In response to my article yesterday, "[Brandeis University President Jehuda] Reinharz, Israel and Me," President Jehuda Reinharz sent this form letter today to those who wrote him on my behalf:
I am writing in response to your email concerning the article posted by Professor Daniel Pipes on the Internet, based on an article that appeared in a Brandeis student newspaper, concerning a statement that I allegedly made at a Faculty Meeting.
First, I never mentioned or even alluded to either Professor Pipes or Professor Finkelstein. I never have nor would I ever liken Professor Pipes to Professor Finkelstein. What I did say was that I did not want to see Brandeis University become a battleground of the Middle East. I expressed concern that, in the wake of the visit to campus by President Jimmy Carter, I hoped that people would not focus on bringing speakers to campus solely for the purpose of scoring points or declaring "victory" over other members of the community, who hold differing views. I pointed out that there are ample resources among the Brandeis faculty, including experts on Israel, Palestine, Iraq, Iran, Islam, and the Middle East generally, who can discuss issues of the Middle East in a scholarly and civil manner.
The linkage between Professor Pipes and Professor Finkelstein was made by the student newspaper, which acted on its own. Neither the student newspaper, the Justice, nor any of the mainstream media, which took the story directly from the student newspaper, nor for that matter Professor Pipes, bothered to check their facts with me.
Some have also raised a concern about a delay in a talk at Brandeis by Professor Pipes. Neither anyone in the President's Office nor I has had anything to do with this matter. Following the visit by President Carter, numerous student groups have been submitting proposals for speakers to visit campus. The Dean of Student Life has established a student-faculty-staff committee, under the chairmanship of the Student Union President, to coordinate and sort through the various requests for speakers dealing with the Middle East.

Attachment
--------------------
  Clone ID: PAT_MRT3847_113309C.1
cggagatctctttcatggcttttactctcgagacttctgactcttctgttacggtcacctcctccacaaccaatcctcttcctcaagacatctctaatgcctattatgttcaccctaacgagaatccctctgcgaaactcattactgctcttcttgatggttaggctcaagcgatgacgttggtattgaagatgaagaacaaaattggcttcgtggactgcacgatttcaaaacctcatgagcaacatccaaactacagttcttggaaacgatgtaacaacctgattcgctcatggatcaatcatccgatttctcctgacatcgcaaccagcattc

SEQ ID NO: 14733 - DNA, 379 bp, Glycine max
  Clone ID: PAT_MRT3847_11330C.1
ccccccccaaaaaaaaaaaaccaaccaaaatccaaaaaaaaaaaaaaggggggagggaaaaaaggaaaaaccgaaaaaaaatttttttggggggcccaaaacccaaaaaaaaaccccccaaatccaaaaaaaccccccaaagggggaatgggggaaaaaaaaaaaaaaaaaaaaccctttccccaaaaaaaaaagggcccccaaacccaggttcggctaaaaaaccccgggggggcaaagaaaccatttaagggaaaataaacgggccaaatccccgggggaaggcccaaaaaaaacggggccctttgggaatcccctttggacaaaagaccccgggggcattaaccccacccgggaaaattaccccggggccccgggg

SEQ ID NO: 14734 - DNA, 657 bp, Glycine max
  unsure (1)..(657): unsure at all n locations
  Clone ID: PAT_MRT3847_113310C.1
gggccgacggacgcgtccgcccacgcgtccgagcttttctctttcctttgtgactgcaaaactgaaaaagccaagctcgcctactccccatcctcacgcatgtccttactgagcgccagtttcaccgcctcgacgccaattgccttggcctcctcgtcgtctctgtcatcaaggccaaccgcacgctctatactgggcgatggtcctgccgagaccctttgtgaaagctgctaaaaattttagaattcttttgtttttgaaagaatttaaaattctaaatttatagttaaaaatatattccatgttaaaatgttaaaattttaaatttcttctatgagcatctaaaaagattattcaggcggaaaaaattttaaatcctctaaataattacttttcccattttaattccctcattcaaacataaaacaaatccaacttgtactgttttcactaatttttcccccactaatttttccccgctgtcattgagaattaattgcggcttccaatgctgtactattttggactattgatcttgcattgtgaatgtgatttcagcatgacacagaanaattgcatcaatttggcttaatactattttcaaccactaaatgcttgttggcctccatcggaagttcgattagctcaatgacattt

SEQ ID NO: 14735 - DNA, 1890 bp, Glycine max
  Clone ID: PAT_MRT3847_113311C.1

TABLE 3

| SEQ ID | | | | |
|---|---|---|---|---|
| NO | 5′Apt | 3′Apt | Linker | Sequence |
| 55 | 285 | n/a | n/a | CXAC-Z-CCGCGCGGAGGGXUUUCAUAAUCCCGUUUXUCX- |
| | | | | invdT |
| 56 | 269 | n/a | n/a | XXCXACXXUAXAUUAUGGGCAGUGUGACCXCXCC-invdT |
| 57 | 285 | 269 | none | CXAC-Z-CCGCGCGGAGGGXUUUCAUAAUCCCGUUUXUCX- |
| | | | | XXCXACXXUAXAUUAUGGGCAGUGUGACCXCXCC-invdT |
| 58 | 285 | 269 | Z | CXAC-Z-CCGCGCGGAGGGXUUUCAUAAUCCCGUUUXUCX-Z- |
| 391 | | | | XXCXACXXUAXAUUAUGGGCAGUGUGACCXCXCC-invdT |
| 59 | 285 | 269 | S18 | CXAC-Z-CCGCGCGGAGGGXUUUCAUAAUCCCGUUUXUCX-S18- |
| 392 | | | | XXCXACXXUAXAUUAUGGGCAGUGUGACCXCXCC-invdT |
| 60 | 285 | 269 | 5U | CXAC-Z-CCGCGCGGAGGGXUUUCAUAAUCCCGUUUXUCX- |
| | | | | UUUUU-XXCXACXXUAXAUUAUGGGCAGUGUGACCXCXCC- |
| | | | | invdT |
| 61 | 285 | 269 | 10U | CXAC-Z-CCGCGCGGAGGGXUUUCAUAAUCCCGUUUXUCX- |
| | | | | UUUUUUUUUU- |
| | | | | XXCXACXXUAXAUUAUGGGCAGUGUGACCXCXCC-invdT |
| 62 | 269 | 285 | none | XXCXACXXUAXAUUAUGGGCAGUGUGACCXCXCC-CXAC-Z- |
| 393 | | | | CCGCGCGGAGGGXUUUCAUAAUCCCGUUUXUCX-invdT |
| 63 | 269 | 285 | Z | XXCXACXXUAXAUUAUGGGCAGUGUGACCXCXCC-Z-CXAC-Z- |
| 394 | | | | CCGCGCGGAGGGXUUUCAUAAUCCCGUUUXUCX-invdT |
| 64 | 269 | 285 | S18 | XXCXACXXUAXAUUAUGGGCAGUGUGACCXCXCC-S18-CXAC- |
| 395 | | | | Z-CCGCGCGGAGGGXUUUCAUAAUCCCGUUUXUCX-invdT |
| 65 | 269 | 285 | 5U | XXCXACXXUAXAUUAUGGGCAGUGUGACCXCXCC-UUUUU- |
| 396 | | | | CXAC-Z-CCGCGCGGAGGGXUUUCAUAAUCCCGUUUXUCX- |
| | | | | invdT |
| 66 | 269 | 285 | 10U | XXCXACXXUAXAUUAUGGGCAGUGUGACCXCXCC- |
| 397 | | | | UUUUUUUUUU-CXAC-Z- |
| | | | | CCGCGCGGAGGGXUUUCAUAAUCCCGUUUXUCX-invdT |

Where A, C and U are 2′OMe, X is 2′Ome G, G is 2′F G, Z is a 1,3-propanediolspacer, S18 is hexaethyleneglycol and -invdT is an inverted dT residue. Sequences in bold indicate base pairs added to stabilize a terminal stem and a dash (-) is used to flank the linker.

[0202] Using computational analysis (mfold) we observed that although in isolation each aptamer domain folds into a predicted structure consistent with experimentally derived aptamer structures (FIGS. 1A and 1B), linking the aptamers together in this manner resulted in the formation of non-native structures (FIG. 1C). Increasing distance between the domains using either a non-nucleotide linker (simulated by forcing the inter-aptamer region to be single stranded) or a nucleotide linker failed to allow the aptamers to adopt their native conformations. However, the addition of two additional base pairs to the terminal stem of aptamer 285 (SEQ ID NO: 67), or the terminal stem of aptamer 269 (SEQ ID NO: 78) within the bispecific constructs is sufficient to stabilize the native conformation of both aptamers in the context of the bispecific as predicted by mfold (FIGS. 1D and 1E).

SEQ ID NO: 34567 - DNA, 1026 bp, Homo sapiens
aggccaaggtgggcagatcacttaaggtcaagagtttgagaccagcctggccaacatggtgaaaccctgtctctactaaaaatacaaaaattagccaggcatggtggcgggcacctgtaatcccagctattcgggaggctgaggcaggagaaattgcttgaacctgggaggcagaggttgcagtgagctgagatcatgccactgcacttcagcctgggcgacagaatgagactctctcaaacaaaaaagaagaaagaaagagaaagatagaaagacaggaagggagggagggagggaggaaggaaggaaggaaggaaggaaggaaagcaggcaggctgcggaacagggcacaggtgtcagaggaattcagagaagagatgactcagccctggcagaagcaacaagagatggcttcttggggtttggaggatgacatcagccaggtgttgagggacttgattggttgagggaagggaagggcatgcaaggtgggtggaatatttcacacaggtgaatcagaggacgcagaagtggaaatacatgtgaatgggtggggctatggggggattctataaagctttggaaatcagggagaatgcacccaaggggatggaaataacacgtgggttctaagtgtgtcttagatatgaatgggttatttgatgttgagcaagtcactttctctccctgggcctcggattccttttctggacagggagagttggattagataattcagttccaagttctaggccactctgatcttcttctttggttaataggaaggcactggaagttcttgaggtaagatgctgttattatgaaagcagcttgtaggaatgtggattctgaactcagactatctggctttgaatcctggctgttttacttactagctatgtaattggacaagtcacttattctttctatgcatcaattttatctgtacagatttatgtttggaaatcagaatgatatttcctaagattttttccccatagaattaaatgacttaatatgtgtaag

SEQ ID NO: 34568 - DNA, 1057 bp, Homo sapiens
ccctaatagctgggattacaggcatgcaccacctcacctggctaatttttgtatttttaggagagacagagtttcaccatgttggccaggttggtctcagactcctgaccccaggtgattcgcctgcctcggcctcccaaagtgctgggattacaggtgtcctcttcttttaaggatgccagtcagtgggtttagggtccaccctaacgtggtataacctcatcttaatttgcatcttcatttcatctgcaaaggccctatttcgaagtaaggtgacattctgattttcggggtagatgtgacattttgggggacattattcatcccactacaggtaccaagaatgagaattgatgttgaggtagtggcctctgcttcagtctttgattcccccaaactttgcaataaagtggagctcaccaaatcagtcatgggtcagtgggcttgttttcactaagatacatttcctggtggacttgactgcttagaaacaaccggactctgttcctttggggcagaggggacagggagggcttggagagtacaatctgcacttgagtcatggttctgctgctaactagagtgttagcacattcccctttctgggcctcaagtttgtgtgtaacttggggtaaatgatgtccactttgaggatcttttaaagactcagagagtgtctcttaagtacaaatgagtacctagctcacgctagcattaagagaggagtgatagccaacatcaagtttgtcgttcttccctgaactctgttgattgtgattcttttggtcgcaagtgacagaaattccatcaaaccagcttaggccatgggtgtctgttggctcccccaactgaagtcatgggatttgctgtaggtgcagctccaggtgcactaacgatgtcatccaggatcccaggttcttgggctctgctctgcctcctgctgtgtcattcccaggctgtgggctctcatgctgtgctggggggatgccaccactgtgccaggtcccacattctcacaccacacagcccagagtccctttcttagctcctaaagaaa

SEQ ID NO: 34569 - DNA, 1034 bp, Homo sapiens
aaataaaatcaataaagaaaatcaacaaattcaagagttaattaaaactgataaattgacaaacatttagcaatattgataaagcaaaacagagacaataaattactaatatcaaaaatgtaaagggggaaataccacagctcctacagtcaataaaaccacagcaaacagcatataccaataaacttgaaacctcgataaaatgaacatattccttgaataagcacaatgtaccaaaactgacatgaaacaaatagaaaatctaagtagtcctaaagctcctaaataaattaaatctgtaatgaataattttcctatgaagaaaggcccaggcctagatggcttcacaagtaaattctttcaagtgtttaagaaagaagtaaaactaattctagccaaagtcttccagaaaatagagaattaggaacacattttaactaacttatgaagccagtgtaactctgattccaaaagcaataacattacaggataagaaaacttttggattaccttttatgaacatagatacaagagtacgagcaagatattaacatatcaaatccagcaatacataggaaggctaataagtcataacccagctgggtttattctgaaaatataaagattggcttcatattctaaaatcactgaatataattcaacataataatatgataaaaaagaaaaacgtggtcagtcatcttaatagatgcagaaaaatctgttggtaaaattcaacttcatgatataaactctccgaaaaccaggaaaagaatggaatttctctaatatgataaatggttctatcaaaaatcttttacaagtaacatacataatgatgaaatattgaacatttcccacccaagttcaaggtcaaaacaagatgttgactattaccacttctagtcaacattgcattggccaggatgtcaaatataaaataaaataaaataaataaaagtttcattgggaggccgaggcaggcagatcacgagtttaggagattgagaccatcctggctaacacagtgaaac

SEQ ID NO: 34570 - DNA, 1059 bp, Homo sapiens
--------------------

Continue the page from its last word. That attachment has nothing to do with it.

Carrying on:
Few colleges or universities in the United States have done as much as Brandeis has done to raise the level of scholarship about Israel or to encourage informed and civil discourse about the problems and issues of the Middle East, broadly defined.
(February 14, 2007)
Feb. 16, 2006 update: John Hose has sent out this form letter:
President Reinharz has forwarded to me a copy of your email of this same title to which I am responding. I make no comparison between Dr. Pipes and Dr. Finkelstein. The story in the Justice does not accurately reflect my conversation with the student reporter, who came to see me to get clarification regarding President Reinharz's comments at the Faculty Meeting. I said that I wasn't at the meeting, but that I thought his remarks were directed to the apparent eagerness of some students and at least one faculty member to invite to campus, in the wake of President Carter's visit, speakers whose primary purpose is to inflame passions rather than engage in scholarly discussion. In drawing a distinction between speakers "for show" and speakers for serious discussion, I did not name anyone in particular. I did not compare Professor Pipes to Professor Finkelstein, though I did mention that Dr. Pipes has spoken on campus previously, and therefore would not be a new visitor to Brandeis.
I also told the student reporter that I thought there were many experts among the Brandeis faculty, who can speak in an informed way about the Middle East, Islam and the issues that Mr. Carter raised. I said it was my opinion that, since the Middle East raises strong emotions, scholarly and civil discussion is especially important, whether led by on-campus or off-campus speakers.
Feb. 17, 2006 update: I today posted "Brandeis President Jehuda Reinharz and I Exchange Letters," bringing this story to a close.
Related Topics: Academia, Arab-Israeli debate in the U.S., Daniel Pipes autobiographical
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